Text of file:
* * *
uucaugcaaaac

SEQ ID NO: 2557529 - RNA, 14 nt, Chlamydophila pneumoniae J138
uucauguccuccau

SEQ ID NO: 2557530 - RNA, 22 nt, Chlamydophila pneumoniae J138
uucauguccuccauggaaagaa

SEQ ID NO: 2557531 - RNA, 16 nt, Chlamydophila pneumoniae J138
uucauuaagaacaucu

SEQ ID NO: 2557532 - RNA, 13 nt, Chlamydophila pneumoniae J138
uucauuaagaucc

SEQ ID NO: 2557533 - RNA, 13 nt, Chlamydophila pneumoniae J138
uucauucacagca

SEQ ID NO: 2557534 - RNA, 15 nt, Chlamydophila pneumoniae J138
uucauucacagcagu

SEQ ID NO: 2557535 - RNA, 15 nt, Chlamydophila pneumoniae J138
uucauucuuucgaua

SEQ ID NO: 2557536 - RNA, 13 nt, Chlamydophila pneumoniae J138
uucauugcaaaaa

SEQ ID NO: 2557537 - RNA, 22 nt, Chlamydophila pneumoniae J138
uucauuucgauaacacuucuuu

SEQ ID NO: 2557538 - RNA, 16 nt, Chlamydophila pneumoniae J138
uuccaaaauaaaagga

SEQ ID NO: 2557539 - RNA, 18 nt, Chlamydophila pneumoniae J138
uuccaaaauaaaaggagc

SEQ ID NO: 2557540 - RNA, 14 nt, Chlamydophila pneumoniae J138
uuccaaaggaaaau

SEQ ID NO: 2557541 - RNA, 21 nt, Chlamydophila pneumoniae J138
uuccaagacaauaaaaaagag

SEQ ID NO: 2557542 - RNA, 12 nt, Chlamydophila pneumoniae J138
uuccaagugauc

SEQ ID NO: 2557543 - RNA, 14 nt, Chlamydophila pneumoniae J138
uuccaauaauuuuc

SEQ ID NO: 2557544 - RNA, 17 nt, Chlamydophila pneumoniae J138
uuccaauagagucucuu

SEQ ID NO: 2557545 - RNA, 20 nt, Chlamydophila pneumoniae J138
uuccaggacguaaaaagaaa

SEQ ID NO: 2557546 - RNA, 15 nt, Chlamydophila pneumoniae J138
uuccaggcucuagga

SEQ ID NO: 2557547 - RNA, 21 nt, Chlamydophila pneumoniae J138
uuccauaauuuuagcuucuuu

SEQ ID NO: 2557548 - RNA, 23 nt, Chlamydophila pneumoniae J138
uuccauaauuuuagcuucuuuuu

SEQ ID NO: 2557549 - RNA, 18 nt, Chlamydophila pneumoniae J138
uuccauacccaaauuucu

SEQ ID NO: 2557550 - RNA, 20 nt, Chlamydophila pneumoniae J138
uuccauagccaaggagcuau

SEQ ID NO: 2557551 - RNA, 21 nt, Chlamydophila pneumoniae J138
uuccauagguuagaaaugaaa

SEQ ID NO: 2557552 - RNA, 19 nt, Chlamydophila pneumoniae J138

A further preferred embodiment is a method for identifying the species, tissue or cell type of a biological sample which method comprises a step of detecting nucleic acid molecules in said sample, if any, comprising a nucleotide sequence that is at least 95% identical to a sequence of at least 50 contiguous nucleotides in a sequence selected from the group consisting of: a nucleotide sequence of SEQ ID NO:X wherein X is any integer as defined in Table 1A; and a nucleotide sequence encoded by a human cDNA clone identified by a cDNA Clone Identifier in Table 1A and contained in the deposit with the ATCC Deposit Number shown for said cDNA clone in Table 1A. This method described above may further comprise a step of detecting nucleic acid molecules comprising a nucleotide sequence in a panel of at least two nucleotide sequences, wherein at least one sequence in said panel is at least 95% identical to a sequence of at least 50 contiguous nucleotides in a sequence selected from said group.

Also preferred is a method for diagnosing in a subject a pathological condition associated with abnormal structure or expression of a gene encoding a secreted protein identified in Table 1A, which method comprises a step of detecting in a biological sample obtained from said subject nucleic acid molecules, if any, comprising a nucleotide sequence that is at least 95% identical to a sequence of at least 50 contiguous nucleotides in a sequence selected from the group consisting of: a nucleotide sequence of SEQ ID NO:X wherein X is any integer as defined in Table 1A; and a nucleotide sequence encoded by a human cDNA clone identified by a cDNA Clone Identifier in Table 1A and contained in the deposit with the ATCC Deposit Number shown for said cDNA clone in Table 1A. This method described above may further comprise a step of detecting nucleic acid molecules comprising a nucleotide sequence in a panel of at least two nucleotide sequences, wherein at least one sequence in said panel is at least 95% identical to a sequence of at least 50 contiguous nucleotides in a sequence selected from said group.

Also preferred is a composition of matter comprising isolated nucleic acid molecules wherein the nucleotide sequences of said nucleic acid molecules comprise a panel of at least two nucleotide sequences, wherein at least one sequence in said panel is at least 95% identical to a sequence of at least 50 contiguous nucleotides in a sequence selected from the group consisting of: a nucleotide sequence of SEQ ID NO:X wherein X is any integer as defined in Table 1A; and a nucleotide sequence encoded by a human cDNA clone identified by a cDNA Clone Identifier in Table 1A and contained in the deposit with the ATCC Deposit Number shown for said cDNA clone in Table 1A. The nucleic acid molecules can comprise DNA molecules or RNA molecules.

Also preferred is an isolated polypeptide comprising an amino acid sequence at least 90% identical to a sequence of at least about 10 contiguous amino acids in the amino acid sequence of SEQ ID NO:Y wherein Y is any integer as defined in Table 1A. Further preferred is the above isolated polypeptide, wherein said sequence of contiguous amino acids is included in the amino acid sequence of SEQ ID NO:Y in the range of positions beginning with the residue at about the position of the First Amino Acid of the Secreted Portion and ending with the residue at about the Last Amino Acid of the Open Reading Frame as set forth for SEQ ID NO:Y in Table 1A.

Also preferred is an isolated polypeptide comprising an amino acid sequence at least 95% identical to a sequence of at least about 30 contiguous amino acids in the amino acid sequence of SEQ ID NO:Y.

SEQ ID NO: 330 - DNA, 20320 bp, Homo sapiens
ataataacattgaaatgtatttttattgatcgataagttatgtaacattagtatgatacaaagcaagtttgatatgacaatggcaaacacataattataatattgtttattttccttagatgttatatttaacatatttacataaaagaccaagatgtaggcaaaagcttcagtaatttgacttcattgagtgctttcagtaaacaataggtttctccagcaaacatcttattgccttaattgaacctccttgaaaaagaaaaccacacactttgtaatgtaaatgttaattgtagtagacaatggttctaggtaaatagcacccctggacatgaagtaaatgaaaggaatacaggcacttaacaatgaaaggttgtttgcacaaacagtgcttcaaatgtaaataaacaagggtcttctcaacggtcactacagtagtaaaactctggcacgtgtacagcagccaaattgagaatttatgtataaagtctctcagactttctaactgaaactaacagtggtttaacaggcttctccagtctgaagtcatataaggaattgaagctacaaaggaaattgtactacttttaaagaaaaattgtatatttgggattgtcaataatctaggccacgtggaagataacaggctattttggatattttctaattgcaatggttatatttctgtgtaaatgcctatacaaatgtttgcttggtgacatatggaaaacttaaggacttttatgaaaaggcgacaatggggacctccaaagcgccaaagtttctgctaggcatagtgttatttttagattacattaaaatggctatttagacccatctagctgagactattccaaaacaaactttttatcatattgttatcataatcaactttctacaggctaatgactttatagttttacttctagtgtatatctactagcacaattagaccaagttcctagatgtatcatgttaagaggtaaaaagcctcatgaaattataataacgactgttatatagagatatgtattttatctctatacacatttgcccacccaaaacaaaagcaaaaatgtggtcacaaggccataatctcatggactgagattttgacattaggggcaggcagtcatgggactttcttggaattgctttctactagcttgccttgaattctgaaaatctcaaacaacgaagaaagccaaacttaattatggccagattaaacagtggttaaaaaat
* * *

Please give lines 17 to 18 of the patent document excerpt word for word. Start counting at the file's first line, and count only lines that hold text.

uucauugcaaaaa

SEQ ID NO: 2557537 - RNA, 22 nt, Chlamydophila pneumoniae J138